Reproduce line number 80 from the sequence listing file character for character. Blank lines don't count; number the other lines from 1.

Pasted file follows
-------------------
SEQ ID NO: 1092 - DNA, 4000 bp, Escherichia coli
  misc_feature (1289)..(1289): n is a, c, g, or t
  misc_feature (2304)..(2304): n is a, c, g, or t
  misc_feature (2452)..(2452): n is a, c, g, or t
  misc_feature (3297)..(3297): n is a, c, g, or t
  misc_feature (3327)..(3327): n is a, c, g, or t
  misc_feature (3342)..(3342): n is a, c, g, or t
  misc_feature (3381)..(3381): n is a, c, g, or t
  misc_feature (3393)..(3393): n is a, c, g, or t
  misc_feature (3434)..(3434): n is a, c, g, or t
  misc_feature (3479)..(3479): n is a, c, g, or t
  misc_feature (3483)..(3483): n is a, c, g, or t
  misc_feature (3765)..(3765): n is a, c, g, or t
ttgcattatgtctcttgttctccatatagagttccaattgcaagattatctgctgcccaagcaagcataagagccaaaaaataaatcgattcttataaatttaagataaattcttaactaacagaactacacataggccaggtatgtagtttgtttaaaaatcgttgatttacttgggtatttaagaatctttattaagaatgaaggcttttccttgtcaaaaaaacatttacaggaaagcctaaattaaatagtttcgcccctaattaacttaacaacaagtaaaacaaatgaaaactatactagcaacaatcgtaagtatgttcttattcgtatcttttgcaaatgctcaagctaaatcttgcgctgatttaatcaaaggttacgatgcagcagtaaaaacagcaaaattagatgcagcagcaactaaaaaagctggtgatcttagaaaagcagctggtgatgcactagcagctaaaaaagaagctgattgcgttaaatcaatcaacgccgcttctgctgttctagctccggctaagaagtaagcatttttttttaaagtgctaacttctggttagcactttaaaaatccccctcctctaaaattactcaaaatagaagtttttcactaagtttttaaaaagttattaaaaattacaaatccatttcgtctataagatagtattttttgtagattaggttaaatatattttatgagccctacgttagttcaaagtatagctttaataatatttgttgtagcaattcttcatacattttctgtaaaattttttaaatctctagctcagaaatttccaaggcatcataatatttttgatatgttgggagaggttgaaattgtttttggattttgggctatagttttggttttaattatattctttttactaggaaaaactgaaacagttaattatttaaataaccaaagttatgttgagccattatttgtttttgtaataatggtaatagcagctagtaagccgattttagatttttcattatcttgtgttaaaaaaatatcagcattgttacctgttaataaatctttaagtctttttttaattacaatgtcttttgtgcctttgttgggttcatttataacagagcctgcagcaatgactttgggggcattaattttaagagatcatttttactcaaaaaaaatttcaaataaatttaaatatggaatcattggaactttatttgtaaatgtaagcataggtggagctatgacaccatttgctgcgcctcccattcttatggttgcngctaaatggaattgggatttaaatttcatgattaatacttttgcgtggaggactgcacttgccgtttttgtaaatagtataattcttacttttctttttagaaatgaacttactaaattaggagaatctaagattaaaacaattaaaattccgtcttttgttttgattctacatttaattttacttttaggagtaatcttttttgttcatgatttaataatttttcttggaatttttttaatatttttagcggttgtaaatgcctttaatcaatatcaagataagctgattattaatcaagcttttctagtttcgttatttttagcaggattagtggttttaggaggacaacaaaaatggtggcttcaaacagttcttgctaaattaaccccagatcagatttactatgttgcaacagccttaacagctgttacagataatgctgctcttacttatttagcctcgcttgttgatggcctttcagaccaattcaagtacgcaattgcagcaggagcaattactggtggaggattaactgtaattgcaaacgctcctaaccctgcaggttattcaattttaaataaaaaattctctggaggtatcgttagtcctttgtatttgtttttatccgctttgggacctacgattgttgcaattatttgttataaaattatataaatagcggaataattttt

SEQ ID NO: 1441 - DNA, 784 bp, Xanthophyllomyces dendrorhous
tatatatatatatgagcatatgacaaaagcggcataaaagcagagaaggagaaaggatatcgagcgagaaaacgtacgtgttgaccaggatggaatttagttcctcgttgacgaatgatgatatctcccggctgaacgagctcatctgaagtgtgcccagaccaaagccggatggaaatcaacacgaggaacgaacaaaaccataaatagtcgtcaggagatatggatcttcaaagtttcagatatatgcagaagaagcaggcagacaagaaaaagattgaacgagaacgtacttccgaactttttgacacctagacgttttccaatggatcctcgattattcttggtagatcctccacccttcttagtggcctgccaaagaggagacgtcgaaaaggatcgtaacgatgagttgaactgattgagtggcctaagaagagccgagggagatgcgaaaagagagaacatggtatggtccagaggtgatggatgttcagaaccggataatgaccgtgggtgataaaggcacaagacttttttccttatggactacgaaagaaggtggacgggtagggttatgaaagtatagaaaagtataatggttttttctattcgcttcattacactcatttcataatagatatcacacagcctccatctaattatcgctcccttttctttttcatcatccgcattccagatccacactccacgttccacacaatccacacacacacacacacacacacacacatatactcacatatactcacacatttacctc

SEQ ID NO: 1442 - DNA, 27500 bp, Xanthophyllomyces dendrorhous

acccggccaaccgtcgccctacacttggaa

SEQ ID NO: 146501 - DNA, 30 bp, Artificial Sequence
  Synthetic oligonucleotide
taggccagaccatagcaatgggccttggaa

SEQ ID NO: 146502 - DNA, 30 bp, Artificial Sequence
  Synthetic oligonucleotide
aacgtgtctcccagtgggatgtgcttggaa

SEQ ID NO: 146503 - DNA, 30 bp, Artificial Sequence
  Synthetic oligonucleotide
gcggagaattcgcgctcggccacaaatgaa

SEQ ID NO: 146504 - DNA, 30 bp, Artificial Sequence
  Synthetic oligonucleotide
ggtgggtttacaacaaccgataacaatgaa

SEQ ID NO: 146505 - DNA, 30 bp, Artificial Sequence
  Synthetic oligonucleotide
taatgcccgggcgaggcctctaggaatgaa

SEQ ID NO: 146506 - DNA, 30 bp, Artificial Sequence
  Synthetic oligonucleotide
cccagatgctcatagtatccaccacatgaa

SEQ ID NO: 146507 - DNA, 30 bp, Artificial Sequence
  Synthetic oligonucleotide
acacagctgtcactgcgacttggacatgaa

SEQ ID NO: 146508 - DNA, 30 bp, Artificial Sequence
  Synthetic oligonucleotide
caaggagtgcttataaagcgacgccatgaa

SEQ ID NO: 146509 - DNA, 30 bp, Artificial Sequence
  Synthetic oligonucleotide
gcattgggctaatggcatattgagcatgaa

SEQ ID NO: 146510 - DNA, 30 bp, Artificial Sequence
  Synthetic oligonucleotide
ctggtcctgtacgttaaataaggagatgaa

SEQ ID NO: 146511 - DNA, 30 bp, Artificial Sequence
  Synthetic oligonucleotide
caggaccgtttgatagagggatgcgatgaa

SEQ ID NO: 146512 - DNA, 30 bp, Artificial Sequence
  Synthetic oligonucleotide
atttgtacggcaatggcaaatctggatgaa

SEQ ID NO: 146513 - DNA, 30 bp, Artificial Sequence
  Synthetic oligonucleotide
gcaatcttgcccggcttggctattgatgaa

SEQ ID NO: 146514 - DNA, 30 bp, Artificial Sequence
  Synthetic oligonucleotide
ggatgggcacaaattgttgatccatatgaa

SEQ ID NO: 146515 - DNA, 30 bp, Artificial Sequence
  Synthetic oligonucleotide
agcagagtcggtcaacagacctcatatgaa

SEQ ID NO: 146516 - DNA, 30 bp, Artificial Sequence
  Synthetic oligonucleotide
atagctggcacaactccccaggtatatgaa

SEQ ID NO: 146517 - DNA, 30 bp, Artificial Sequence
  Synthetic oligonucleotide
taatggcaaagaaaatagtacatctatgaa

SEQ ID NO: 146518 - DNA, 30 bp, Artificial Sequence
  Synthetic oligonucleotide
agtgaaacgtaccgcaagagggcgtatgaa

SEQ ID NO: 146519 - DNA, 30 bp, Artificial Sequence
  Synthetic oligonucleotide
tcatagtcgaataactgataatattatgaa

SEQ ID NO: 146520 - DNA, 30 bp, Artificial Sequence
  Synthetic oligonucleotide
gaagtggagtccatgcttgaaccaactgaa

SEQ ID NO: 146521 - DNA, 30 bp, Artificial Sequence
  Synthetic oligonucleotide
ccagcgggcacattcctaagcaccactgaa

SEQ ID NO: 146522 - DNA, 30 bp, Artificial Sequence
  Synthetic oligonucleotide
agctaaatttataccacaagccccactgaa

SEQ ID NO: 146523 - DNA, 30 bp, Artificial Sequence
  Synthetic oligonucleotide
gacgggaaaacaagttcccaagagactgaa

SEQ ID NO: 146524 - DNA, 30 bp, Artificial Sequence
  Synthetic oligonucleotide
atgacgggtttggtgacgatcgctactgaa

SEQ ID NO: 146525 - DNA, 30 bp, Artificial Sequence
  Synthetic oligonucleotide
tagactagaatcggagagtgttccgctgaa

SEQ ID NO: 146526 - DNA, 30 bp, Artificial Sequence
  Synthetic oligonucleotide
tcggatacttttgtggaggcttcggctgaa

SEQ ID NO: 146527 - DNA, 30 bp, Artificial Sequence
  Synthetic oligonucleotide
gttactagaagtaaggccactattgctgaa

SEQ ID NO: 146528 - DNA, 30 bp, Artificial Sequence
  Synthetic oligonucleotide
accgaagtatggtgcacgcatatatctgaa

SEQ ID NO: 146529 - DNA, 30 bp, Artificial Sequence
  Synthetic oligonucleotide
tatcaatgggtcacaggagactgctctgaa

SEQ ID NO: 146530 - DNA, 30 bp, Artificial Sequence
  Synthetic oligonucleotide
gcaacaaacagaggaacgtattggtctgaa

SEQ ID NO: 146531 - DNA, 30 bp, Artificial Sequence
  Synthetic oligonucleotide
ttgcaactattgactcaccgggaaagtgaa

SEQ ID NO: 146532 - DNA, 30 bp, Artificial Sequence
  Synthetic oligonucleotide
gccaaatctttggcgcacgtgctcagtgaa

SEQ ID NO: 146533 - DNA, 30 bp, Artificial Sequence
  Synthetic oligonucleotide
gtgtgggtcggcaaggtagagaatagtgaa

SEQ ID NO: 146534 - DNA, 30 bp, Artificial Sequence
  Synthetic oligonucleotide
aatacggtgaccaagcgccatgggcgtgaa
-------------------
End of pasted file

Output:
  Synthetic oligonucleotide